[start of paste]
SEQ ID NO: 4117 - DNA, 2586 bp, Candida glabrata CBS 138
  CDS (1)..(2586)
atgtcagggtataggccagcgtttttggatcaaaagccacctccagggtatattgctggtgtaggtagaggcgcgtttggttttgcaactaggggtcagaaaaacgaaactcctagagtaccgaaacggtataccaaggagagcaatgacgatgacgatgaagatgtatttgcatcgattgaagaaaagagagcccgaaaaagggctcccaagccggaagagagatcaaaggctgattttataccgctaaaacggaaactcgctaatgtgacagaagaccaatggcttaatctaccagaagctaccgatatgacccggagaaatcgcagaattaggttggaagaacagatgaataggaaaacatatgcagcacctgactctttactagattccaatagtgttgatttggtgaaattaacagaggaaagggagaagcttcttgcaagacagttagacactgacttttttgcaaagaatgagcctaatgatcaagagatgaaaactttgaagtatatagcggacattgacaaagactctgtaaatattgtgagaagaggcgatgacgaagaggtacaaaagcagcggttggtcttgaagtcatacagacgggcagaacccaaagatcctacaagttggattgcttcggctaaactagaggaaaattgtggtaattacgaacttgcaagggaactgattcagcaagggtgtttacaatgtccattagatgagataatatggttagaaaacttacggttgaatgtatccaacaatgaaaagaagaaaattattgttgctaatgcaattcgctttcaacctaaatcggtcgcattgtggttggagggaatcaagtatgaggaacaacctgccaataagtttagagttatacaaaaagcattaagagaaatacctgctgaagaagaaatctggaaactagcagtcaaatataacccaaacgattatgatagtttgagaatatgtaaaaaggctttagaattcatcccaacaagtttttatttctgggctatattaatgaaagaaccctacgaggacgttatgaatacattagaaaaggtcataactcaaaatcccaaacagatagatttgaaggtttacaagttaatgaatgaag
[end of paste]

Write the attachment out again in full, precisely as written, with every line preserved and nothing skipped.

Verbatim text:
SEQ ID NO: 4117 - DNA, 2586 bp, Candida glabrata CBS 138
  CDS (1)..(2586)
atgtcagggtataggccagcgtttttggatcaaaagccacctccagggtatattgctggtgtaggtagaggcgcgtttggttttgcaactaggggtcagaaaaacgaaactcctagagtaccgaaacggtataccaaggagagcaatgacgatgacgatgaagatgtatttgcatcgattgaagaaaagagagcccgaaaaagggctcccaagccggaagagagatcaaaggctgattttataccgctaaaacggaaactcgctaatgtgacagaagaccaatggcttaatctaccagaagctaccgatatgacccggagaaatcgcagaattaggttggaagaacagatgaataggaaaacatatgcagcacctgactctttactagattccaatagtgttgatttggtgaaattaacagaggaaagggagaagcttcttgcaagacagttagacactgacttttttgcaaagaatgagcctaatgatcaagagatgaaaactttgaagtatatagcggacattgacaaagactctgtaaatattgtgagaagaggcgatgacgaagaggtacaaaagcagcggttggtcttgaagtcatacagacgggcagaacccaaagatcctacaagttggattgcttcggctaaactagaggaaaattgtggtaattacgaacttgcaagggaactgattcagcaagggtgtttacaatgtccattagatgagataatatggttagaaaacttacggttgaatgtatccaacaatgaaaagaagaaaattattgttgctaatgcaattcgctttcaacctaaatcggtcgcattgtggttggagggaatcaagtatgaggaacaacctgccaataagtttagagttatacaaaaagcattaagagaaatacctgctgaagaagaaatctggaaactagcagtcaaatataacccaaacgattatgatagtttgagaatatgtaaaaaggctttagaattcatcccaacaagtttttatttctgggctatattaatgaaagaaccctacgaggacgttatgaatacattagaaaaggtcataactcaaaatcccaaacagatagatttgaaggtttacaagttaatgaatgaag